“It's a dialogue, not a monologue, and some people don't understand that. Social media is more like a telephone than a television.” - @AmyJoMartin
What happens when you do social media badly
Firstly, let's look at what happens if you're not on social media at all: in this day and age, given the proliferation of businesses and campaigns that use it, your absence will criticised by organised opposition groups and activists. They'll insist it's because you're not prepared to engage in debate and, worse still, that you have something to hide. And you'll lose the ability to influence people's perception.
If you do use platforms like Facebook, LinkedIn, Instagram and Twitter but you only use them as additional, one-way broadcast channels, you'll be accused of ignoring genuine concerns and failing to be accessible.
In both cases, the outcome for your business and your scheme is negative.
Using social media effectively for stakeholder engagement
You now know that you need to be on social media or the facts about your infrastructure development plans could easily get lost. And you know that you need followers to help spread your messages, but that for it to work as part of your overall approach to stakeholder engagement, you also need to remain actively engaged and use social media as a valuable feedback loop as well as just another broadcast channel.
So, how do you make sure you're using it effectively and how can you measure the results?
All of the various social platforms will provide you with some basic analytics - so you can track the number of impressions your posts have received, and your follower count, and, on some platforms, mentions. These are useful stats and definitely worth measuring, but on their own they can turn out to be vanity metrics.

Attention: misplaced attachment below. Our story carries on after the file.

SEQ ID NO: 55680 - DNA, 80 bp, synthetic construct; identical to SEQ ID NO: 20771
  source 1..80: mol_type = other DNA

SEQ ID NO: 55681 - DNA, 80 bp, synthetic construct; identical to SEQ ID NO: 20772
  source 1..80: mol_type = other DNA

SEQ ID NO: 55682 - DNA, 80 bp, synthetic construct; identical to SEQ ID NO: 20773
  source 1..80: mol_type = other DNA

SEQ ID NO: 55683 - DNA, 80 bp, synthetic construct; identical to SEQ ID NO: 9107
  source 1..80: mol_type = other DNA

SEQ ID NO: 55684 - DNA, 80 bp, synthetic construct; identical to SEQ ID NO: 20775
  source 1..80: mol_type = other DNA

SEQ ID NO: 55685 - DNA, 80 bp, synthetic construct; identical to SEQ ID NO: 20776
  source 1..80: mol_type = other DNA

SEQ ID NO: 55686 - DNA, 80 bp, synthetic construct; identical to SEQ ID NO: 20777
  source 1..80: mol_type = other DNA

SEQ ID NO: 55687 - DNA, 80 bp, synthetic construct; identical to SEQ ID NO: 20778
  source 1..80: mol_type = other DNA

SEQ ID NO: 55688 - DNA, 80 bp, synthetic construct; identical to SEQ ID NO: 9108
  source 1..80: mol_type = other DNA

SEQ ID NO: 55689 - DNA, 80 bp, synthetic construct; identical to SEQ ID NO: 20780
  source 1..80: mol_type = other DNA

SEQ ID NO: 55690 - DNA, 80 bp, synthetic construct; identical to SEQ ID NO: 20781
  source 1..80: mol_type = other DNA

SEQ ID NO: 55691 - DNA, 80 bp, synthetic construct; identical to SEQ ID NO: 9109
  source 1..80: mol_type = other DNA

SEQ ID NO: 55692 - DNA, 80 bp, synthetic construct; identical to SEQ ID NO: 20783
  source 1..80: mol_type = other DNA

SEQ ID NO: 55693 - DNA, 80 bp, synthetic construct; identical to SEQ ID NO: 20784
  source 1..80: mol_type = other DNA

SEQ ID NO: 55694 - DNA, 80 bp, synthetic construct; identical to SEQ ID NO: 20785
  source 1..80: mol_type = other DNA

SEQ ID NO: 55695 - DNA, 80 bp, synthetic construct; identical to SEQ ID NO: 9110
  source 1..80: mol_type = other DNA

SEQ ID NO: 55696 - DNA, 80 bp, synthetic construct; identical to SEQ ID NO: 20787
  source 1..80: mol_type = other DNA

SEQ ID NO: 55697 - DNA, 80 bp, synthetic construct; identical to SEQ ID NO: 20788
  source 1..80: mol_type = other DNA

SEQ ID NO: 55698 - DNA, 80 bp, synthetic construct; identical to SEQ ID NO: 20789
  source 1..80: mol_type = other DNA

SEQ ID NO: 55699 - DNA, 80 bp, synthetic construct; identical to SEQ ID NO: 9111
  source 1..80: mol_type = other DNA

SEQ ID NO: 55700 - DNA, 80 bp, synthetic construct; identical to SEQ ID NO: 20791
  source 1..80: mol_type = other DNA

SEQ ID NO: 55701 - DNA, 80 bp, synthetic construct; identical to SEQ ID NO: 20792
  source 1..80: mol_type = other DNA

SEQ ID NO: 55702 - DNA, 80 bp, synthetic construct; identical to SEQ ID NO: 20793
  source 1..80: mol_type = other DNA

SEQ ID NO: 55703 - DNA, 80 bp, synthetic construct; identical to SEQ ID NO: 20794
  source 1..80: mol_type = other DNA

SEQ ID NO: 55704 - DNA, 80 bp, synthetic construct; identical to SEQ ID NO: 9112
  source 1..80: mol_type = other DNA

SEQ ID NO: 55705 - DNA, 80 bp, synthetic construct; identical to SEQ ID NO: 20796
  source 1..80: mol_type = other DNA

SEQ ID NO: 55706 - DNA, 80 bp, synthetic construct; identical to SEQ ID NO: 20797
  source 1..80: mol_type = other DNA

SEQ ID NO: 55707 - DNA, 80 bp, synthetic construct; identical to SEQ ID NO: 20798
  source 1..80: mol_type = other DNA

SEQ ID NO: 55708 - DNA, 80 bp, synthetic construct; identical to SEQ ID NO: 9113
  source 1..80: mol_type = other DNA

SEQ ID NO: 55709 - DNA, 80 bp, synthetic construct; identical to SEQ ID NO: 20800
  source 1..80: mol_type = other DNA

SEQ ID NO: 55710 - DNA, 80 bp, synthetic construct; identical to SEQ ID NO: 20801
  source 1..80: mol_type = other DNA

To get a better sense of how successful your social media use is, you need to also track visits to your website (you can use Google Analytics or the Bing equivalent) to ascertain the source - it's easy to quickly discover which social channels are bringing visitors to your site and what content they are accessing.
And, last but not least, you need to track genuine interactions - and make some assessment of sentiment (positive v negative). This is the hardest bit to measure - especially if one of your social media posts suddenly gets a lot of attention and a lot of people start commenting on it and 'liking' it - but it's definitely the metric that's going to be of most value to you.
It is difficult to imagine why you wouldn't want to make social media a part of your stakeholder engagement strategy in support of your scheme. It can be a very valuable tool when it comes to rebutting the wild claims that can sometimes be circulated by opponents of your plans, can provide a mechanism for you to reply to genuine questions and concerns, and can help you to share your messages and key content.
• get social
• measure interactions not just impressions
• make it two-way by responding to people